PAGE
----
I had been there only one other time (And You Will Go On, October 14th 2018), and now that it has been fourteen years, five months and ten days (not that I am counting), I knew in my heart of hearts it was time again. We would be driving near there, and a short detour would take us there.
It was there, and then it was gone. We didn’t stop, I only needed a glance. It was almost dark when I was there the first time; today it was full sun, but in my mind, the dark cloud still hovered over the intersection. I was alone last time; my husband was with me this time. Plus, I was six and a half years stronger. Still, the sharp pain of loss and lingering grief was there. This docile beast will never go away, but I know now how to keep it tame–most of the time.
I have a dear friend who recently lost her ex-husband, her daughters’ father. Ooh children, things are gonna get easier.
I have another friend, a graduate school classmate, who is struggling through a cascade of devastating family crises. Ooh child, things are gonna get easier.
We have a mutual friend, another graduate school classmate who lost her 52-year old husband suddenly in the spring. I have lost touch with her, but my friend hasn’t. She gave me her number, and I am going to call her tonight. There is no statute of limitations on expressions of sympathy to others; I have learned this in the past 14-plus years. Today is the day. Ooh child, things are gonna get easier.
To my two friends on Facebook this morning: Ooh children, things are gonna keep getting easier.
About four years ago, I had a home health patient in a rural area. About a mile off the highway, there was a wooden cross. It was lovingly adorned with football items, and it appeared to be a memorial to a young man, which was confirmed by co-workers. I passed by it multiple times on my repeat visits to this patient’s home, always saying a little prayer for his family.
One day, a woman was stopped there, re-arranging the memorial items. I didn’t hesitate, I knew I was supposed to stop. I surmised it was his mother, and it was. I got out of the car, walked up to her and said, “I don’t know who you are, but I know you. I have two of those.” We instinctively hugged, shed a few tears, and gave each other the gift of understanding.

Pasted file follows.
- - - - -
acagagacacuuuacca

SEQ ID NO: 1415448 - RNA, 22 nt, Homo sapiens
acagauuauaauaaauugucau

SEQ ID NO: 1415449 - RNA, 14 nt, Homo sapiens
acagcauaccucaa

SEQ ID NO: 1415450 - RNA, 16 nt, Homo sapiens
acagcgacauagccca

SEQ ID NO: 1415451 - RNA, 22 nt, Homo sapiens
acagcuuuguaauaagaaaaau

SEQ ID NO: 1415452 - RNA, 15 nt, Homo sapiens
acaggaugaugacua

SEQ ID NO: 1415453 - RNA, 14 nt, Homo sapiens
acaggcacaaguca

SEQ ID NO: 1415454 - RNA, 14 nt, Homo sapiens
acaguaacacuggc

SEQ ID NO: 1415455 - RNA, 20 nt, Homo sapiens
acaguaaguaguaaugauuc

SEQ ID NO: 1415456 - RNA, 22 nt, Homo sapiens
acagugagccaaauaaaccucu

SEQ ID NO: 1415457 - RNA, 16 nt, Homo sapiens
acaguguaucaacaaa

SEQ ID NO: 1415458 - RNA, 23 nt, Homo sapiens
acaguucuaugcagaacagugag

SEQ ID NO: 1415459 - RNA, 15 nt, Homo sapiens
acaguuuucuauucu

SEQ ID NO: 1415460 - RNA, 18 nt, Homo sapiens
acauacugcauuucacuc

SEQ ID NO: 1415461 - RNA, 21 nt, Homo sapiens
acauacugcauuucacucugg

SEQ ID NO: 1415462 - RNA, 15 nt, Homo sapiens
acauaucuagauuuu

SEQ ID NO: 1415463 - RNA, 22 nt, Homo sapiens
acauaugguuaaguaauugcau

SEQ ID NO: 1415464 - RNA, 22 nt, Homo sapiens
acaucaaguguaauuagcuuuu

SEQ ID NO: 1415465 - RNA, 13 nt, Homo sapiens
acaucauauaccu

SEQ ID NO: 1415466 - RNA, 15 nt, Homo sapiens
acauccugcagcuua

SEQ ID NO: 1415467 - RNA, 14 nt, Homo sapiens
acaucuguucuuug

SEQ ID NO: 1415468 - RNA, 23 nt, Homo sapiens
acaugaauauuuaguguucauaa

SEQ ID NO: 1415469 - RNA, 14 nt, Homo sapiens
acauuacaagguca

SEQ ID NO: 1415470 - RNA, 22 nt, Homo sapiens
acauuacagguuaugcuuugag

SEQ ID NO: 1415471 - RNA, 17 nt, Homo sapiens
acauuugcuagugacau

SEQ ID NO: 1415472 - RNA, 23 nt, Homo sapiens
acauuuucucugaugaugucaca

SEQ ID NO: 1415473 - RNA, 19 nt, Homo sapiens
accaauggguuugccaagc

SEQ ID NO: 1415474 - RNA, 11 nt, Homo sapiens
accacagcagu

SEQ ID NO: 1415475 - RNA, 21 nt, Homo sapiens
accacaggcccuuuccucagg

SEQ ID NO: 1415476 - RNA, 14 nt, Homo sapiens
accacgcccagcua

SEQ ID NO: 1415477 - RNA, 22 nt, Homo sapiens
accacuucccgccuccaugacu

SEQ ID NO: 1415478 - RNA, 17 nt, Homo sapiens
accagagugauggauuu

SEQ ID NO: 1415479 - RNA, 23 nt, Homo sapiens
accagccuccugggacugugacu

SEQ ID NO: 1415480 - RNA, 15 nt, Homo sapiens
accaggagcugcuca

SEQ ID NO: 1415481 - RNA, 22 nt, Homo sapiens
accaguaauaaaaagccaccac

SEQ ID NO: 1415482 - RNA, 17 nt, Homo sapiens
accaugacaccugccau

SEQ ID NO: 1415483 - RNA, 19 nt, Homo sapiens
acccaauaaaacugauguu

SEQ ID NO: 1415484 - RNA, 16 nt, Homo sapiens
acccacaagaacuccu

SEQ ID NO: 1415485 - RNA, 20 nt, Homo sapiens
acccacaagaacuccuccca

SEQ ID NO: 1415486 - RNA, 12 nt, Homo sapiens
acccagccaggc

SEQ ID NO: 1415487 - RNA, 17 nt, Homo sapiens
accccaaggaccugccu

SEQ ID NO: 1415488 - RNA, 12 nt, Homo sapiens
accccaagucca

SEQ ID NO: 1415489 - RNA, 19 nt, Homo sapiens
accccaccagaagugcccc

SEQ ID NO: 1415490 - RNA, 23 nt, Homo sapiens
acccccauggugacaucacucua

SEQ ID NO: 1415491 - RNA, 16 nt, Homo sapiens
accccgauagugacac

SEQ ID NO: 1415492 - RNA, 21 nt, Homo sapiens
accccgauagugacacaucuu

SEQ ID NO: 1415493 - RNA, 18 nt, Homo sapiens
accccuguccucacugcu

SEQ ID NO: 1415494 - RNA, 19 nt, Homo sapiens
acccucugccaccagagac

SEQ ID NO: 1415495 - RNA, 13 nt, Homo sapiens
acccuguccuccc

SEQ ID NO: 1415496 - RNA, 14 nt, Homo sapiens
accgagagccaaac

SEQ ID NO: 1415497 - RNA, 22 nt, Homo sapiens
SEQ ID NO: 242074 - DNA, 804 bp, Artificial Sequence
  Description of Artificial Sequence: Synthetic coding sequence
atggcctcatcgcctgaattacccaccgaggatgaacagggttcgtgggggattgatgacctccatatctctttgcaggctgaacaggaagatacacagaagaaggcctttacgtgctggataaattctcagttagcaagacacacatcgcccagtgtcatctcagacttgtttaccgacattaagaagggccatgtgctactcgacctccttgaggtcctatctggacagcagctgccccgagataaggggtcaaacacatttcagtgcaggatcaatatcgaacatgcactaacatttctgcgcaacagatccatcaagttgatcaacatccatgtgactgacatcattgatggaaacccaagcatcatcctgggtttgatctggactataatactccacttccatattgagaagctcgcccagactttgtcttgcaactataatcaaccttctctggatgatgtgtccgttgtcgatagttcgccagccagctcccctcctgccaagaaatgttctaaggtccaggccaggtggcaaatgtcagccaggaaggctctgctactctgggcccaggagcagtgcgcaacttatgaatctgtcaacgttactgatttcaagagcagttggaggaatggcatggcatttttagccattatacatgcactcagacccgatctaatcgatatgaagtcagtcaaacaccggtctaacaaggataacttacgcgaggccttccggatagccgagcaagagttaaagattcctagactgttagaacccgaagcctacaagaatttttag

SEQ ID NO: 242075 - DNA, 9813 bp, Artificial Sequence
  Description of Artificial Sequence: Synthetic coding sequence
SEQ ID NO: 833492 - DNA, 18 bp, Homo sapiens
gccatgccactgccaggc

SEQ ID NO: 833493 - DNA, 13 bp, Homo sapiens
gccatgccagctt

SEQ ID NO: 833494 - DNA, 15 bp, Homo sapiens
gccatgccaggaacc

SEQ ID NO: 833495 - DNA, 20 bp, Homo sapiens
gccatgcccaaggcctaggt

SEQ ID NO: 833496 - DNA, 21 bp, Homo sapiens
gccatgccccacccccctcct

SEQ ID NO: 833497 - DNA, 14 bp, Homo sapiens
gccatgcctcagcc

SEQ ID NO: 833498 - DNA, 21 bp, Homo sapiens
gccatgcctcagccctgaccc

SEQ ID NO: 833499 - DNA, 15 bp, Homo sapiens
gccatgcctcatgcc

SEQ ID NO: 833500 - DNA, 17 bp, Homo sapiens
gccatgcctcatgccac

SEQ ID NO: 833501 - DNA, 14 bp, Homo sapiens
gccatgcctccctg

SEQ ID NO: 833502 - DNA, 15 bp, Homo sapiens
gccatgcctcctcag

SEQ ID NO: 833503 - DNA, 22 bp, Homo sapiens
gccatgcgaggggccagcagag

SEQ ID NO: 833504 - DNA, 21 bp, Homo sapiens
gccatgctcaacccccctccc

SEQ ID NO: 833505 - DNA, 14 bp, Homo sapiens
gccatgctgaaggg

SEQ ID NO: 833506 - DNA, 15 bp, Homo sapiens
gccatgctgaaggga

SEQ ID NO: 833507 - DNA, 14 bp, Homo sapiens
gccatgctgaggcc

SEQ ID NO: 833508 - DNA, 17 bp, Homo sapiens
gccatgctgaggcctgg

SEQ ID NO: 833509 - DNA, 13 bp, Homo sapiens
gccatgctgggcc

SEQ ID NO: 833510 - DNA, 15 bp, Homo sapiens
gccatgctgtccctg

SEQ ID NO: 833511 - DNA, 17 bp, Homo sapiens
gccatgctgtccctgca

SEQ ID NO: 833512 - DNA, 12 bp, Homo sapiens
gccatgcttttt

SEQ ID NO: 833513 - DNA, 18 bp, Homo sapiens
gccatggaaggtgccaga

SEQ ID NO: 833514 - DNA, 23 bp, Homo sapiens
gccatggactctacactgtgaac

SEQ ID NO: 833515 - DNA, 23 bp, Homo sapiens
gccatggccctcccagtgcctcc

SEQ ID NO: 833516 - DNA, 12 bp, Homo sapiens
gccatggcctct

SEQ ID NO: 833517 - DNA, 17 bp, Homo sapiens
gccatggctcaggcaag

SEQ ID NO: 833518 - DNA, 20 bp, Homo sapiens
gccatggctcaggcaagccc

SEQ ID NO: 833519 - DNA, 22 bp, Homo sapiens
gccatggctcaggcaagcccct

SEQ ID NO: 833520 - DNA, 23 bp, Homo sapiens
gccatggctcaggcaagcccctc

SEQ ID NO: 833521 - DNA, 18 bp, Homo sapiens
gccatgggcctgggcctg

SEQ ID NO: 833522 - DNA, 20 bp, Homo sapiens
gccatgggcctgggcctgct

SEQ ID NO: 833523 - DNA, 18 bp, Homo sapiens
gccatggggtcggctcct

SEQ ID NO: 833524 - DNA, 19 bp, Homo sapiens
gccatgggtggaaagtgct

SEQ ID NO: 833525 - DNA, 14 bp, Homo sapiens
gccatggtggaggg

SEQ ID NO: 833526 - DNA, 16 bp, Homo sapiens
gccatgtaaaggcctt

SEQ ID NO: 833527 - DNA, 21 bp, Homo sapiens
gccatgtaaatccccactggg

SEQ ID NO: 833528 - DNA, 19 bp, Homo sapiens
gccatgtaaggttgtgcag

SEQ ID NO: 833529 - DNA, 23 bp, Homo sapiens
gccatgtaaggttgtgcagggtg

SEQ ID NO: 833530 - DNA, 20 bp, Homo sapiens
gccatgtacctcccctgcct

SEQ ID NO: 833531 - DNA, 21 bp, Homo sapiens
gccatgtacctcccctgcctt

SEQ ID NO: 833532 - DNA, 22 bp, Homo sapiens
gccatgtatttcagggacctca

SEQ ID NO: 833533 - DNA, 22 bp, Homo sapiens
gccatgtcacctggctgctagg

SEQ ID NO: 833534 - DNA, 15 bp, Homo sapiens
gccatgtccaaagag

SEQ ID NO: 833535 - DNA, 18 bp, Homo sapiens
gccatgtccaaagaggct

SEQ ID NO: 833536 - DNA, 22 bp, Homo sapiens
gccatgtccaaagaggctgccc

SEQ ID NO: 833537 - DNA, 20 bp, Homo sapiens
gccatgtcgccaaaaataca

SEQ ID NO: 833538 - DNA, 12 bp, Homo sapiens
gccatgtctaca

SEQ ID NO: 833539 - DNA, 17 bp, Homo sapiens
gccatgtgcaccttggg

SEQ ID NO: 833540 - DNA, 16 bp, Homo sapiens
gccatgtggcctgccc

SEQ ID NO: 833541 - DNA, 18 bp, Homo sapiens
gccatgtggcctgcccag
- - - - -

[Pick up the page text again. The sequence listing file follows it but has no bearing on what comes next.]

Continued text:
I couldn’t have survived these past fourteen years (five months and ten days) especially without my sisters, but also my brothers, my husband and sons, and my wide circle of family and friends. This support net has carried me through, and I know it will continue to carry me, as long as I keep reaching out to help connect with others who are living with grief, and letting them reach out to me. It can still be so hard, but every day brings me more strength, hope and understanding.
We may not know who they all are, but we know them when we see them. We must keep reaching out, and keep our arms open for their reaching in.
It has been two years since I made it to the wheat field. Last year, it was a work scheduling problem, along with weather woes that dictated the days in the combine. This year, it was a little problem called COVID. That makes only three harvests I have missed in my 56 years, and it breaks my heart.
Along with Gail and Suzanne, however, I will always be a Kansas farm girl at heart. Swheat girls, just like our friends Tana and Amy. I met them in the summer of 1984 when I began “babysitting” these two amazing sisters. They didn’t need much, just someone to take care of business. Business soon became pleasure, and we have remained close since. We may, or may not, have gotten wheat tattoos together a few summers ago to prove this.
So close, as a matter of fact, that they visit every July 4th with their families from their homes in Arizona. We have maintained this tradition for many years, and our hope is that it will continue for many more. They left only four days ago, and I am already looking forward to next July 4th, which, coincidentally, is one of my favorite holidays.
Their visit kicks off my favorite month of the year. Following that fun-filled (almost) week, I continue to enjoy the Kansas summer, my favorite season. A vacation is usually in order in July, as well as our youngest son’s birthday. And, I have deduced that since I was born in mid-April, I most likely came into being in July.
Suzanne was able to join us for an evening, but Gail wasn’t able to make it. As always when she is not here, we missed her; she always adds life to any party.
We decorated to the nines again, perhaps even more than we normally do.
One of our favorite pastimes is to porch sit, and we amped that up too this year by dragging the old couch out of the shop for some good old-fashioned redneck couch-sitting on the porch.
The couch is still sitting on the porch, up for grabs. It just may look perfect year-round on your porch. If you think perhaps it would, please let me know–and bring a truck.
We swam in the backyard pool,
and, of course, took in the fireworks. We celebrate our country, as well as our favorite place in it: Kansas.
This onelooks almost unreal, but it is real, taken by my daughter-in-law.
Every year brings back old traditions and memories, and more new ones are made. Our bonds grow deeper, and our Kansas farm-girl roots keep us grounded and gritty.
Happy Independence Day to you, every day of the year.
The reviews are in: “Gail brings high energy and fun to all aspects of her life! I had such a fun time. Her garden is delightful, Lola is one of a kind, we got to meet her friends on their front porch, and had a great lunch at the bar/grill she manages. Camp Gail was highly entertaining. I give “The Gail Experience” 5 stars! –Shari